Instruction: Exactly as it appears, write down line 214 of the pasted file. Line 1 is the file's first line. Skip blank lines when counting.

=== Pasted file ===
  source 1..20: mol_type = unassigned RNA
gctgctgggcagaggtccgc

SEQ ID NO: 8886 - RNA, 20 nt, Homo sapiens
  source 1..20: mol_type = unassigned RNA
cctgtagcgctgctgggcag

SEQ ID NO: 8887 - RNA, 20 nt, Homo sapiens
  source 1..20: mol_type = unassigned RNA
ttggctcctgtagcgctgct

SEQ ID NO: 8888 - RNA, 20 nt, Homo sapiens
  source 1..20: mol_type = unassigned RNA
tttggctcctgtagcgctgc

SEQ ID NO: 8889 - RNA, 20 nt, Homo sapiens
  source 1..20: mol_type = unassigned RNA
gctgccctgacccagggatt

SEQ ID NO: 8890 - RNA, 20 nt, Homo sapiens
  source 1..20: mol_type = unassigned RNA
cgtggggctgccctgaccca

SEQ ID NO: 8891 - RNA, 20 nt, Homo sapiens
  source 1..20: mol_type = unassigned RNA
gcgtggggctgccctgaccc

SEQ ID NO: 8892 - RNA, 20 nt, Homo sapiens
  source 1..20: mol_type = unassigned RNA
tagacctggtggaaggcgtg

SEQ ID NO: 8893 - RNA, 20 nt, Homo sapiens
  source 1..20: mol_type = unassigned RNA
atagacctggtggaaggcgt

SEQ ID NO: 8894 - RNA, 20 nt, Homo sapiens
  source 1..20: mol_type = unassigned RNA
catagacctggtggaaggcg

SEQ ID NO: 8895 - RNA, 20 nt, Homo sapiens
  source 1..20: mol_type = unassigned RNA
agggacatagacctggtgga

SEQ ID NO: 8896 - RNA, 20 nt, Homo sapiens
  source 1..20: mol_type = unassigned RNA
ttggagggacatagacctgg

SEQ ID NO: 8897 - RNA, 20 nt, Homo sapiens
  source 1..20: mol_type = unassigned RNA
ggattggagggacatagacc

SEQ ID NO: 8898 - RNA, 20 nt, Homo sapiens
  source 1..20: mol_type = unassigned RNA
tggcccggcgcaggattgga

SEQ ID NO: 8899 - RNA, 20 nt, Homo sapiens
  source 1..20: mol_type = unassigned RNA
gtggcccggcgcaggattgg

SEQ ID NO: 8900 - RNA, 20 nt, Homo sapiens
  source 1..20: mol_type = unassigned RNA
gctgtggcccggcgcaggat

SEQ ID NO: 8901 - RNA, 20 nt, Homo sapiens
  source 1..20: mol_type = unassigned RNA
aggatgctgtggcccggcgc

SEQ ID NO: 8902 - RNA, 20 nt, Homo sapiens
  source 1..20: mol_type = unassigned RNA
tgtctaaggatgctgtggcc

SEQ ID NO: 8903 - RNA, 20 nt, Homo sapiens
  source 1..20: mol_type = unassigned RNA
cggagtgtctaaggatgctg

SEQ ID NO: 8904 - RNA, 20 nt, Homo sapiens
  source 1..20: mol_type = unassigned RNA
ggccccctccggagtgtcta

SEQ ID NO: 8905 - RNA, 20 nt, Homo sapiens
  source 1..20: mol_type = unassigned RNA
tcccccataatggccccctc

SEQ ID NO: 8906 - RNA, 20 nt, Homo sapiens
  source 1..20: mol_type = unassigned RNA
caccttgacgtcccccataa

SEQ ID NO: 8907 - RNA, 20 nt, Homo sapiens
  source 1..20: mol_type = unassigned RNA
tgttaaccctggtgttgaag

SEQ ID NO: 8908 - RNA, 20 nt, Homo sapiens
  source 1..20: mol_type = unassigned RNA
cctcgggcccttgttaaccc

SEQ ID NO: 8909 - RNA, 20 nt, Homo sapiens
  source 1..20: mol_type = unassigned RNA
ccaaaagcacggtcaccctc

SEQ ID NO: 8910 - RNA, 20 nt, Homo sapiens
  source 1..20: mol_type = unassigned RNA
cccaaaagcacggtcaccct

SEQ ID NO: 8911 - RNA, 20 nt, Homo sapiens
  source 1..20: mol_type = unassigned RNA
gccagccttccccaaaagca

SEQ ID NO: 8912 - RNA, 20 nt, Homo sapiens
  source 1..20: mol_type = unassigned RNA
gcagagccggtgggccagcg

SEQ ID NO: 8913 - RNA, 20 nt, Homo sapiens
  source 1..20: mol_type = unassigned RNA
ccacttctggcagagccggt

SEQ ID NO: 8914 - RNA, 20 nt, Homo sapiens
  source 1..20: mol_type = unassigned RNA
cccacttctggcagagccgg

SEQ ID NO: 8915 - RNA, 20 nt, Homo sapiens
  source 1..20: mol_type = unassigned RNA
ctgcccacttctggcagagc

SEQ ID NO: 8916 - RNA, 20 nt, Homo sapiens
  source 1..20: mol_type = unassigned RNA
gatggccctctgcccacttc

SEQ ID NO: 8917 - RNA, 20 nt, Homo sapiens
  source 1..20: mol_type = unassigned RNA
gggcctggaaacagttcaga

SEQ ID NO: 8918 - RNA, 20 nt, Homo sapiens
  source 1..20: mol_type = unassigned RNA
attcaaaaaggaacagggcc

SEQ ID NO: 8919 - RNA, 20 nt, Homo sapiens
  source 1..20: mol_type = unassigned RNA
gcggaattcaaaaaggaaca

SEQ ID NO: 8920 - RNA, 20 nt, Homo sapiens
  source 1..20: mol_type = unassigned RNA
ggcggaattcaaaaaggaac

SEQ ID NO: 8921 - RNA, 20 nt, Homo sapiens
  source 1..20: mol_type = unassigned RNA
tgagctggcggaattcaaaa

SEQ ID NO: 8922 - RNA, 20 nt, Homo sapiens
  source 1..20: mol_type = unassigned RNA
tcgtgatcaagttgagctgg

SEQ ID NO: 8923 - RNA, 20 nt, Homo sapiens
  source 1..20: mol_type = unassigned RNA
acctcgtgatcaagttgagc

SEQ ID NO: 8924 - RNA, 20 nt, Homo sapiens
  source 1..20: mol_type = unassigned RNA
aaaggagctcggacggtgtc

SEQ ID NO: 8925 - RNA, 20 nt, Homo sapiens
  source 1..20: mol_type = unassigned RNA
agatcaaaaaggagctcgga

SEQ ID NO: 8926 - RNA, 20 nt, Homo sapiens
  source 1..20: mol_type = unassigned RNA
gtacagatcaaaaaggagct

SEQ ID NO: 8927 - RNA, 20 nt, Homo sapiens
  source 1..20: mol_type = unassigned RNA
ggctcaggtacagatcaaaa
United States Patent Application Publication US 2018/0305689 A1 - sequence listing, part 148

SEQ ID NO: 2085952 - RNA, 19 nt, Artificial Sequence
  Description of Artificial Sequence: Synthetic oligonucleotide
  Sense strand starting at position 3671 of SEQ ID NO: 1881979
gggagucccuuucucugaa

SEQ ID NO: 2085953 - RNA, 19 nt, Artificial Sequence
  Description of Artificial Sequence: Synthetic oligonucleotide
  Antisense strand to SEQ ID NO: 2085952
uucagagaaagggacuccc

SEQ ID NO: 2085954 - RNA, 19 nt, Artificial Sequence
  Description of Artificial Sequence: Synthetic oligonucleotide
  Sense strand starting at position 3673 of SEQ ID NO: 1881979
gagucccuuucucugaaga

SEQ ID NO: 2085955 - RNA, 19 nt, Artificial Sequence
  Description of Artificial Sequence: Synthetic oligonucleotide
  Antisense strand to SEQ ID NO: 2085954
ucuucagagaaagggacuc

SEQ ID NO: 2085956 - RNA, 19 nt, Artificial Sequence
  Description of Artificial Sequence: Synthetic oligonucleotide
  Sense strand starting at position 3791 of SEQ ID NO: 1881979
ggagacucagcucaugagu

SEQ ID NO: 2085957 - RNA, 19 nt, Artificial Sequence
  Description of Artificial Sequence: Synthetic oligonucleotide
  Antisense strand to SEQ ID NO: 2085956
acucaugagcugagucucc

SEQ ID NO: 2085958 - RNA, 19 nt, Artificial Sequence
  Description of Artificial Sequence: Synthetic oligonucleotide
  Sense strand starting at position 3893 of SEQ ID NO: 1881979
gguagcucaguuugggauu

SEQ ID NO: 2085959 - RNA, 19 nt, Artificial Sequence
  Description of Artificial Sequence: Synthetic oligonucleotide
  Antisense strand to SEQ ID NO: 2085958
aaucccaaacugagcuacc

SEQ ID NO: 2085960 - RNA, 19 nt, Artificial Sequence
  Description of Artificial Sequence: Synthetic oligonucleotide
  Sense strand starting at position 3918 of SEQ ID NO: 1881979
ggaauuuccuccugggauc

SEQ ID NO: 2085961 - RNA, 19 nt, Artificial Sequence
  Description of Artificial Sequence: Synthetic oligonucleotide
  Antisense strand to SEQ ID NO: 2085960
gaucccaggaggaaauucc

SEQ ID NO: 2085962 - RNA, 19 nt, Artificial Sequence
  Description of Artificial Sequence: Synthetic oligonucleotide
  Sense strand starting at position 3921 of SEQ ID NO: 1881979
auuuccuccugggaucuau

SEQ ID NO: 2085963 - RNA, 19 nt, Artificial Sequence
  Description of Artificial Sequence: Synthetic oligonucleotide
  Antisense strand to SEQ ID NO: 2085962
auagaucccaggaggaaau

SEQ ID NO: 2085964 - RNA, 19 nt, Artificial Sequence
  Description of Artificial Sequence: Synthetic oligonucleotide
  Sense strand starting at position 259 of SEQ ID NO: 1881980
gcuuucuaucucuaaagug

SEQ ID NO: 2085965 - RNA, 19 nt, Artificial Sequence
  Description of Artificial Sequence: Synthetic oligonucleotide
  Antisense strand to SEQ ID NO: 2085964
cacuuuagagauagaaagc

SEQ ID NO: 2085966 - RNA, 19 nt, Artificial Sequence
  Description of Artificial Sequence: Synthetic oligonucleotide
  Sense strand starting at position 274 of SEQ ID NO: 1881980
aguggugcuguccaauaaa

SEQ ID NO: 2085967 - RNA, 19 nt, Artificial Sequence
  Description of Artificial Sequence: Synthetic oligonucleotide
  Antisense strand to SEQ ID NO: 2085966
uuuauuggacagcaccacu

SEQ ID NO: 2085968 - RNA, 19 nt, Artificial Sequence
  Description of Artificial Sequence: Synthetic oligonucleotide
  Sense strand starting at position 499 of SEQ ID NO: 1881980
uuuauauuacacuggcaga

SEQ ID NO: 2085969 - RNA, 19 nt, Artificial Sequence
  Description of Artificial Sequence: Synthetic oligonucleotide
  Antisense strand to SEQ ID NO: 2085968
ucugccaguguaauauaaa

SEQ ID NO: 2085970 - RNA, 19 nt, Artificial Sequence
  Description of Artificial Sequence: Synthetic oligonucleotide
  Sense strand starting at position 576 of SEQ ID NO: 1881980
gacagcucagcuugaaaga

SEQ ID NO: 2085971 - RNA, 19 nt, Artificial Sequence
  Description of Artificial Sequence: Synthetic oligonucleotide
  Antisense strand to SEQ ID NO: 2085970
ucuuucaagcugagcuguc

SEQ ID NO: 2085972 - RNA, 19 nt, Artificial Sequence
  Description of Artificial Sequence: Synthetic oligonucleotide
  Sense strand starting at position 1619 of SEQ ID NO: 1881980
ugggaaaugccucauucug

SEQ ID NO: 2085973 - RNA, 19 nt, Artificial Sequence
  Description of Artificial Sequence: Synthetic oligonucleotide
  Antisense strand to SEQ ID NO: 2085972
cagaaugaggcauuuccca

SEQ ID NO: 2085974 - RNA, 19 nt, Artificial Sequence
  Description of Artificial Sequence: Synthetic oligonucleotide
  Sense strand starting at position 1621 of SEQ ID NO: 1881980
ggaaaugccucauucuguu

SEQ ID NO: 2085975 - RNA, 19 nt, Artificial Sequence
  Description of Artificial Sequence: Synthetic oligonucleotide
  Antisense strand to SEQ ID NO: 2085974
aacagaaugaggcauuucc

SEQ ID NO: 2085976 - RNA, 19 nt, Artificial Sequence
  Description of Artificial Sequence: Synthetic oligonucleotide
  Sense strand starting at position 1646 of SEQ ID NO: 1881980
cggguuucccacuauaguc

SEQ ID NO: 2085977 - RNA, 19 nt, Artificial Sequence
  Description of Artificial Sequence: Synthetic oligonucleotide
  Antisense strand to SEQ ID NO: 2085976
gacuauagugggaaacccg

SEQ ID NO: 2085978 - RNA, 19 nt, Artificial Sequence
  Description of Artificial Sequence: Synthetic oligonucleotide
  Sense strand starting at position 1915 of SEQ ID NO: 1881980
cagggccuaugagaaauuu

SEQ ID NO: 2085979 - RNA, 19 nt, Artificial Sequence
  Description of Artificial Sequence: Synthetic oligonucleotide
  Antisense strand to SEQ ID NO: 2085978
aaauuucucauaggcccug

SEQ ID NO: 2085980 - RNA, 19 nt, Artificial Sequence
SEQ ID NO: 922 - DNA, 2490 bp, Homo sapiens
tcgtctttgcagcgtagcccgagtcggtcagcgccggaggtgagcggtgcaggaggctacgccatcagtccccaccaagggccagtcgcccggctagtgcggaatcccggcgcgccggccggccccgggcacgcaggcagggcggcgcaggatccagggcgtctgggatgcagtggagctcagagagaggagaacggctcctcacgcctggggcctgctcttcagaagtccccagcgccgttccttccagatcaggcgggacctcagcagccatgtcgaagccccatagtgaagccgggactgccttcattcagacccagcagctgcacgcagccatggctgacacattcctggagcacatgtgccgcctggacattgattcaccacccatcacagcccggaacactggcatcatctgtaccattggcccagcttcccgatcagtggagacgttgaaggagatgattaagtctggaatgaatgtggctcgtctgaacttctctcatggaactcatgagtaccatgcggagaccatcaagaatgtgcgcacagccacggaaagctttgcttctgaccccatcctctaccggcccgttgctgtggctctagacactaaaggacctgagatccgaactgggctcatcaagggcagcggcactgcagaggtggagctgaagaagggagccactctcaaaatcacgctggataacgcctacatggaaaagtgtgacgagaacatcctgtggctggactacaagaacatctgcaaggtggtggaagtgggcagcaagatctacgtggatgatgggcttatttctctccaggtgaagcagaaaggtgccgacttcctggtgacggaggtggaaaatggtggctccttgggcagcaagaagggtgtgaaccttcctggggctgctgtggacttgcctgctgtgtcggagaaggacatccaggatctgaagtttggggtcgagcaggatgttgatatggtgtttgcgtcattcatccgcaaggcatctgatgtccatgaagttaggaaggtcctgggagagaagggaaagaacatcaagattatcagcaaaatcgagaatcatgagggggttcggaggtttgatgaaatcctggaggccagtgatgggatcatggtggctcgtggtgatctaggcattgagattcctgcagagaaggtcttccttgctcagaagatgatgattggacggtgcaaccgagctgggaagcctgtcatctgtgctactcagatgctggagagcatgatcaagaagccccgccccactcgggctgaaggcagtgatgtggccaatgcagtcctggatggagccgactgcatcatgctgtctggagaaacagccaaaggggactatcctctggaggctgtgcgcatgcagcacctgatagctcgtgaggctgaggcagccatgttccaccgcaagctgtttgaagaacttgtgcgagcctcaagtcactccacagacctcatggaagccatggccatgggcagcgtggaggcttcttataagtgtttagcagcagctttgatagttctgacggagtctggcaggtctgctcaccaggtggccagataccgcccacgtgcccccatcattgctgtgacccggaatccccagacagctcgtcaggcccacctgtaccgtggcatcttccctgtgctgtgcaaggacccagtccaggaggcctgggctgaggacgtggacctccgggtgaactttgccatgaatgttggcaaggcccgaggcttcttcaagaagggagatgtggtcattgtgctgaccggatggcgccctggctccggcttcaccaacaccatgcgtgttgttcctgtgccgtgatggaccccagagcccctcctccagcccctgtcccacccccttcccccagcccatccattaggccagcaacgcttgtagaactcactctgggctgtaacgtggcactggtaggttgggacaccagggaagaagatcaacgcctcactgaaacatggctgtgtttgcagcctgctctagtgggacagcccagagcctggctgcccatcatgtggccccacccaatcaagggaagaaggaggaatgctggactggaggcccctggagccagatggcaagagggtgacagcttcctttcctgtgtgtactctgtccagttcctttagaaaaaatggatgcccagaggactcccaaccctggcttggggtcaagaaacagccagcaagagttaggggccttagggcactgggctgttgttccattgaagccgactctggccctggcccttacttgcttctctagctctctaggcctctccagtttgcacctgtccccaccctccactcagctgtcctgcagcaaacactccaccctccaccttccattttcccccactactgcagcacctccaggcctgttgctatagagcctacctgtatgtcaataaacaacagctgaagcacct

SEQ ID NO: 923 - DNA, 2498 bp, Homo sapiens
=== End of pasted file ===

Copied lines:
SEQ ID NO: 2085973 - RNA, 19 nt, Artificial Sequence